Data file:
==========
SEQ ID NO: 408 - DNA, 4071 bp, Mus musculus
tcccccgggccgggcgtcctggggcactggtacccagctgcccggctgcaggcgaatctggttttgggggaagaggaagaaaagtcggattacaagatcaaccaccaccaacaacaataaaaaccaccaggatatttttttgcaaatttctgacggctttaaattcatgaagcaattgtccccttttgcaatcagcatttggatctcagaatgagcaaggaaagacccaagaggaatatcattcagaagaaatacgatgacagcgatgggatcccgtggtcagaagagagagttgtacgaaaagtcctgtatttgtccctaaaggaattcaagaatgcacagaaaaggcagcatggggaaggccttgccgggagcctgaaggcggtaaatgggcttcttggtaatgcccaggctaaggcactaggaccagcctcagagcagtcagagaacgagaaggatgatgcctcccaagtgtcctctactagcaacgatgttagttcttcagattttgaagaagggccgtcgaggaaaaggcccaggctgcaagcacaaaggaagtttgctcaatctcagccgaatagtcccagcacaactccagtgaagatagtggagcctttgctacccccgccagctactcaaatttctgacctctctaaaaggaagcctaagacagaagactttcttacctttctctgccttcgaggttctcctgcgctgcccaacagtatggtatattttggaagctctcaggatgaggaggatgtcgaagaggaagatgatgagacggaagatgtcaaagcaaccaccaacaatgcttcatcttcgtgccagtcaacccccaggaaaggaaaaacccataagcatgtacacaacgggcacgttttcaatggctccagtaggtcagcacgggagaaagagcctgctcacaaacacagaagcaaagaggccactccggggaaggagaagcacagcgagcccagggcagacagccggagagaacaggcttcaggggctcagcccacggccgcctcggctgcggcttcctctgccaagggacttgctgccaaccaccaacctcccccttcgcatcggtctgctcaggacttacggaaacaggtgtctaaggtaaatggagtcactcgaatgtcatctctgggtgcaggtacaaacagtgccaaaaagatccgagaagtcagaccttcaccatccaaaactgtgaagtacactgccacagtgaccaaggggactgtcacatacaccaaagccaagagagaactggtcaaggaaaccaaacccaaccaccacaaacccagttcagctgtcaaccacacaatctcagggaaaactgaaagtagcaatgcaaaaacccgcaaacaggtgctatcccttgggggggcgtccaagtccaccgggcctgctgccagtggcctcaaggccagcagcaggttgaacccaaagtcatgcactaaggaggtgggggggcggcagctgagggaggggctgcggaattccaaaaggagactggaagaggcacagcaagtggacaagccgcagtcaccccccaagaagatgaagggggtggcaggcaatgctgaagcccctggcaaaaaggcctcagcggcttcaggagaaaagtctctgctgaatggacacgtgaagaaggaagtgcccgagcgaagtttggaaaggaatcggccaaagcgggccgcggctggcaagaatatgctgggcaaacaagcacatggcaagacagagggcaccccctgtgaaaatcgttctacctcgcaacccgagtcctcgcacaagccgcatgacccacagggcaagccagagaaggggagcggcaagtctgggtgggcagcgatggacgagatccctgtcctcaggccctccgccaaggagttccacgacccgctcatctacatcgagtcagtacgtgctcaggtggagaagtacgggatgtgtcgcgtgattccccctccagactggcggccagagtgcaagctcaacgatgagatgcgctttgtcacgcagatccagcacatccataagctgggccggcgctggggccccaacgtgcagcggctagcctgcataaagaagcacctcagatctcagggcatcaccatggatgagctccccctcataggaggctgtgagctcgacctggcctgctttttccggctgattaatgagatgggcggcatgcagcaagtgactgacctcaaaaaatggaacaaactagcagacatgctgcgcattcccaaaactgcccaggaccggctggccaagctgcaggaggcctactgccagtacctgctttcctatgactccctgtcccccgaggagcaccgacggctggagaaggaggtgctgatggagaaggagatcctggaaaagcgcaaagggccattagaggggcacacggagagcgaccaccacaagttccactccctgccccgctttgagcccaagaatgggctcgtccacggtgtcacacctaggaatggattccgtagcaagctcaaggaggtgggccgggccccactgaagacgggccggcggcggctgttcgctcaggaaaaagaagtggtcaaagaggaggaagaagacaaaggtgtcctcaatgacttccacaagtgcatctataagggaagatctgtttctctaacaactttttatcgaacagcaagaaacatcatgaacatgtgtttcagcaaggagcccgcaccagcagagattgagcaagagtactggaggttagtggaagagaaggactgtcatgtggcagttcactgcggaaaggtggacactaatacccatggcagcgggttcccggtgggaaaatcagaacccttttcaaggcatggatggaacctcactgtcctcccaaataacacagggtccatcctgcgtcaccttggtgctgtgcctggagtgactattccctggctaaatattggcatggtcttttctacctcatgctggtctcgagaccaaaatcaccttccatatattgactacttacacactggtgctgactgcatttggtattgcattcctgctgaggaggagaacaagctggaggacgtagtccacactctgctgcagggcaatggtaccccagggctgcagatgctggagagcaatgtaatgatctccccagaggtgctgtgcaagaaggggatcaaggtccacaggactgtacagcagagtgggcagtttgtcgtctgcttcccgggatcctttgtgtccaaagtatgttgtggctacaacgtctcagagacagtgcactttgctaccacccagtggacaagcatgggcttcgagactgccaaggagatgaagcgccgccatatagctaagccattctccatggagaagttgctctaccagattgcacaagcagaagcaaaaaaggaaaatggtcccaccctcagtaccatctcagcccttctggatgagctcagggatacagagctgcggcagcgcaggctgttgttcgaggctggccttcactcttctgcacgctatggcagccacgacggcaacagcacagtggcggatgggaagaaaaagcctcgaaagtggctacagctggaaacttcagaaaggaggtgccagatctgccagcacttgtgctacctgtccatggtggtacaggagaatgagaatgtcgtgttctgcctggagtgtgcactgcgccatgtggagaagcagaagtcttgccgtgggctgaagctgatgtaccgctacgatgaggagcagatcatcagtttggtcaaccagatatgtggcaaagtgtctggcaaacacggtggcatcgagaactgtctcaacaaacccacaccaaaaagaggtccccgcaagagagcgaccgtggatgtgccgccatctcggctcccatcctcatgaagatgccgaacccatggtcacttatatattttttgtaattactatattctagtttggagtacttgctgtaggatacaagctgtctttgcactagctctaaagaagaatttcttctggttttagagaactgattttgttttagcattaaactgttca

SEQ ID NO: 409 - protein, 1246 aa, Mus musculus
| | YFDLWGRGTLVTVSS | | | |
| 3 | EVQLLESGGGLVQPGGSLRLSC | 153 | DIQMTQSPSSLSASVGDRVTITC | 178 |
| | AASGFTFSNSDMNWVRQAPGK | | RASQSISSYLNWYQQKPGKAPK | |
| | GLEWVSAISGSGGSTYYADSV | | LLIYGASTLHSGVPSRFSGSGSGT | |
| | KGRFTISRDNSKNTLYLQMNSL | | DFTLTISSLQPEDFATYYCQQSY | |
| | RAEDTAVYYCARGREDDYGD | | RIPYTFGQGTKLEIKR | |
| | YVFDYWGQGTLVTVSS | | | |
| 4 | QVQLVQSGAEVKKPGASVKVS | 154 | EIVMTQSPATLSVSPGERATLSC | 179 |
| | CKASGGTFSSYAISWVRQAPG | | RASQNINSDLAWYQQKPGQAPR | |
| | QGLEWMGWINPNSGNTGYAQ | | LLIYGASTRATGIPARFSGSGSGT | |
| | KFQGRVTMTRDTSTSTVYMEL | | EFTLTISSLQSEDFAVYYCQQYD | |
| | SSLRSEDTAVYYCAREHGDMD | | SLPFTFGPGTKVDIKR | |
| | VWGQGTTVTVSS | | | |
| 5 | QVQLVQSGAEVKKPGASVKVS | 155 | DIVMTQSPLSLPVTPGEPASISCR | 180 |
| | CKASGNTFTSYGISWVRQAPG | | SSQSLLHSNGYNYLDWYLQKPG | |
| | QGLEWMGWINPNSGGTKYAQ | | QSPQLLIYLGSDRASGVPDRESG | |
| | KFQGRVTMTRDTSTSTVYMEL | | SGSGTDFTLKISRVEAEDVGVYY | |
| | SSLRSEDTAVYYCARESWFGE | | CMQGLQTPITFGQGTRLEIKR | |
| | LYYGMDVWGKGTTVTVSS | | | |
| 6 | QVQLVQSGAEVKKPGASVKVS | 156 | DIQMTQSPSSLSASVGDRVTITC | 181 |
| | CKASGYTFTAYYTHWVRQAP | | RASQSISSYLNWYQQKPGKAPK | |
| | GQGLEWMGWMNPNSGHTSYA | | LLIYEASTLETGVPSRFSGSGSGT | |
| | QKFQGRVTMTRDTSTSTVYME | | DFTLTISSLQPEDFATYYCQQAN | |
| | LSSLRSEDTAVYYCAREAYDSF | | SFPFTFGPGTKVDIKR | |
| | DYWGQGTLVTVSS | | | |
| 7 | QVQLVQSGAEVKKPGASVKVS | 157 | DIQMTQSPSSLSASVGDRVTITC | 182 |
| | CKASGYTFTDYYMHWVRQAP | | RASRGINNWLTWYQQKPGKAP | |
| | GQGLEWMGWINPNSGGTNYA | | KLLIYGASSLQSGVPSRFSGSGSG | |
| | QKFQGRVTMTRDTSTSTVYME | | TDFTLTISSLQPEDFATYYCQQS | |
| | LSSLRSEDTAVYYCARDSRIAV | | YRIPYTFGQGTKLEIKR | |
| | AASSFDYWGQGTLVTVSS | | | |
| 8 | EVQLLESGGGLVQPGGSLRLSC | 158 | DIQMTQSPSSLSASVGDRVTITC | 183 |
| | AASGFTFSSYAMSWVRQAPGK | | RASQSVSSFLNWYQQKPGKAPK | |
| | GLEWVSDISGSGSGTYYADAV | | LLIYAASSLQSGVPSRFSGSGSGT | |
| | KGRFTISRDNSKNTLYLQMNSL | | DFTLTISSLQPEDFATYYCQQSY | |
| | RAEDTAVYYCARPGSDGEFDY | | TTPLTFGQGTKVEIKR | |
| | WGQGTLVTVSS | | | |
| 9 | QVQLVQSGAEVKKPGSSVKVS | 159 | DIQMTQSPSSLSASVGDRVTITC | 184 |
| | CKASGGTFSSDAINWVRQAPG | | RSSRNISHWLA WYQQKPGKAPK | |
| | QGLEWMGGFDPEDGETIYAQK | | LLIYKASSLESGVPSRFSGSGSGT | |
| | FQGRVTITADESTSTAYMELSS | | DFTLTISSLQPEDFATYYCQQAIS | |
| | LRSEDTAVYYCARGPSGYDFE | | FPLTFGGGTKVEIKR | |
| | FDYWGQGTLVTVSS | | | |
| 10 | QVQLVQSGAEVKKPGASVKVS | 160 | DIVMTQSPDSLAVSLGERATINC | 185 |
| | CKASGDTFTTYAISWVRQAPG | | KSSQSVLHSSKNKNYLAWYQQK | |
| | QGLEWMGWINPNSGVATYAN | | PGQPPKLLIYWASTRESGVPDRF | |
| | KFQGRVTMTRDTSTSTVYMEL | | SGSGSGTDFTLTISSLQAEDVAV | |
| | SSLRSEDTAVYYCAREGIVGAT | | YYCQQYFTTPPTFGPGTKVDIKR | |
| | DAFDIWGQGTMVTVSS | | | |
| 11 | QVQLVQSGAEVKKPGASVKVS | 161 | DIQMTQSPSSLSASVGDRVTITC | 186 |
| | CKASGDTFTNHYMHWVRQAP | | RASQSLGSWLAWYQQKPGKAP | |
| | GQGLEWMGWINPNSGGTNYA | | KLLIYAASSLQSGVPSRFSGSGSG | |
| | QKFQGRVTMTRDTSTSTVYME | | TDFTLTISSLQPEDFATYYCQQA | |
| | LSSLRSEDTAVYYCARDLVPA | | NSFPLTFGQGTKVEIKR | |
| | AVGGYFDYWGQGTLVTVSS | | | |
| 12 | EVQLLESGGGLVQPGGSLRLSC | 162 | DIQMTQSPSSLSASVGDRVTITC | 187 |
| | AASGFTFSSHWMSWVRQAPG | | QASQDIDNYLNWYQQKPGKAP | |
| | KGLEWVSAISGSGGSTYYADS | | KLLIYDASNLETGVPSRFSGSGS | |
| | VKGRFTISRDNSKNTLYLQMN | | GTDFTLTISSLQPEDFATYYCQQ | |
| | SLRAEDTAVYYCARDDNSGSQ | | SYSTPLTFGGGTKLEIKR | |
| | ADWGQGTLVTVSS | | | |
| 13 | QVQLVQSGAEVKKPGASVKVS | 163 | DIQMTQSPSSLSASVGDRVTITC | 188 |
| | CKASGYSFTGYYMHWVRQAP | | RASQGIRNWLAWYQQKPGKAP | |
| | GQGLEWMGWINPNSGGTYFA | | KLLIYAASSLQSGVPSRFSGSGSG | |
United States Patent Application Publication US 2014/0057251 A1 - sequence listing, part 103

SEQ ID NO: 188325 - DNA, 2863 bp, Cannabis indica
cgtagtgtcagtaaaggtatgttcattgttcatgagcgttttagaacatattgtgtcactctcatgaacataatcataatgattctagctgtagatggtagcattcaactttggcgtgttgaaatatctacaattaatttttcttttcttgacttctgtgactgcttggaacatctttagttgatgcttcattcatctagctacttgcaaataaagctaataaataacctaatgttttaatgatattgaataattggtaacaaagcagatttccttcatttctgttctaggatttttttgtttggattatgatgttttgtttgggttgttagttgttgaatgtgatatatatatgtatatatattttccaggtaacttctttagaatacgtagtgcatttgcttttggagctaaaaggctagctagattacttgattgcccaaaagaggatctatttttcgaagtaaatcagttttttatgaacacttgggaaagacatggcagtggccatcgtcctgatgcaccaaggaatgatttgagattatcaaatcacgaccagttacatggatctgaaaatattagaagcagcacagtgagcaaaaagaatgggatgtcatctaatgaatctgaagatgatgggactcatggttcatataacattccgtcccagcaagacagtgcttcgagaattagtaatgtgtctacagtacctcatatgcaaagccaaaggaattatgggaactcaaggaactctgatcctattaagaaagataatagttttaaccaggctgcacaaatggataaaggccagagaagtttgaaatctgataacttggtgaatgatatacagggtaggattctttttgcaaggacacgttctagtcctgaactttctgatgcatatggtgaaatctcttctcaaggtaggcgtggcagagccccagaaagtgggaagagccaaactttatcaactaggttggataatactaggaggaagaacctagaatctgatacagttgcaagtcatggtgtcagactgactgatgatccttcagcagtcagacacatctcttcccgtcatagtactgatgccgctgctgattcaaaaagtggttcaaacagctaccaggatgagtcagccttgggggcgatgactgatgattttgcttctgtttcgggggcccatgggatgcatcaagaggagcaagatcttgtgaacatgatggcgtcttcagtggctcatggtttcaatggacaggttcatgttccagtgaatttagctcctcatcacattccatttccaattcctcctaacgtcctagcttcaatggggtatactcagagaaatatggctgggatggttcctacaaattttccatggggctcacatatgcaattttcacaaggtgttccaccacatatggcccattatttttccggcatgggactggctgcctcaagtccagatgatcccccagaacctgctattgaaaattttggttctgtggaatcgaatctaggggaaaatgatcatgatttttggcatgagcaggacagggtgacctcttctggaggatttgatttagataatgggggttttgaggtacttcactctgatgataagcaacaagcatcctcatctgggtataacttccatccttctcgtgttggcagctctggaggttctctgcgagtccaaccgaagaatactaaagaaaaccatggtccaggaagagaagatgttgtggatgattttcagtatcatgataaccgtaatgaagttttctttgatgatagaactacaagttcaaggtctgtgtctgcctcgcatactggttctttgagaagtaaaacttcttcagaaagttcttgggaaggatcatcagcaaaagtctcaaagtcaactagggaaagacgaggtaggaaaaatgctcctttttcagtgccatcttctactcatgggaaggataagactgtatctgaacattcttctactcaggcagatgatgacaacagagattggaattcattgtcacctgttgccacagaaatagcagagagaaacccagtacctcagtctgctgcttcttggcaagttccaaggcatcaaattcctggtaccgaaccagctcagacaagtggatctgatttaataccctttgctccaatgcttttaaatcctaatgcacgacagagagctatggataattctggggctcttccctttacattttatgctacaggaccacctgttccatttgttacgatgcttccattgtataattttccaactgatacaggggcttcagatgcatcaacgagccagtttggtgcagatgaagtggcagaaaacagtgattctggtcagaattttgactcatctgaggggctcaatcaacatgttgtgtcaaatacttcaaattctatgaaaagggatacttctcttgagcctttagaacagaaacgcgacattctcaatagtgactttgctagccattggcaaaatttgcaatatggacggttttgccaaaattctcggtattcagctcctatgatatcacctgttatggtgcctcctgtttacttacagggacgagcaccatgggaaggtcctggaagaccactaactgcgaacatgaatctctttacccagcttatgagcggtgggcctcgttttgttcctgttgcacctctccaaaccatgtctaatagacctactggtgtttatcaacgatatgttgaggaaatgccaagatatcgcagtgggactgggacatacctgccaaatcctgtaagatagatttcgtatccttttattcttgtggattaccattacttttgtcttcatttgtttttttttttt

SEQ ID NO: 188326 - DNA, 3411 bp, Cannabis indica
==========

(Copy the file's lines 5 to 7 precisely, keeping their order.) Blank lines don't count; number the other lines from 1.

| 3 | EVQLLESGGGLVQPGGSLRLSC | 153 | DIQMTQSPSSLSASVGDRVTITC | 178 |
| | AASGFTFSNSDMNWVRQAPGK | | RASQSISSYLNWYQQKPGKAPK | |
| | GLEWVSAISGSGGSTYYADSV | | LLIYGASTLHSGVPSRFSGSGSGT | |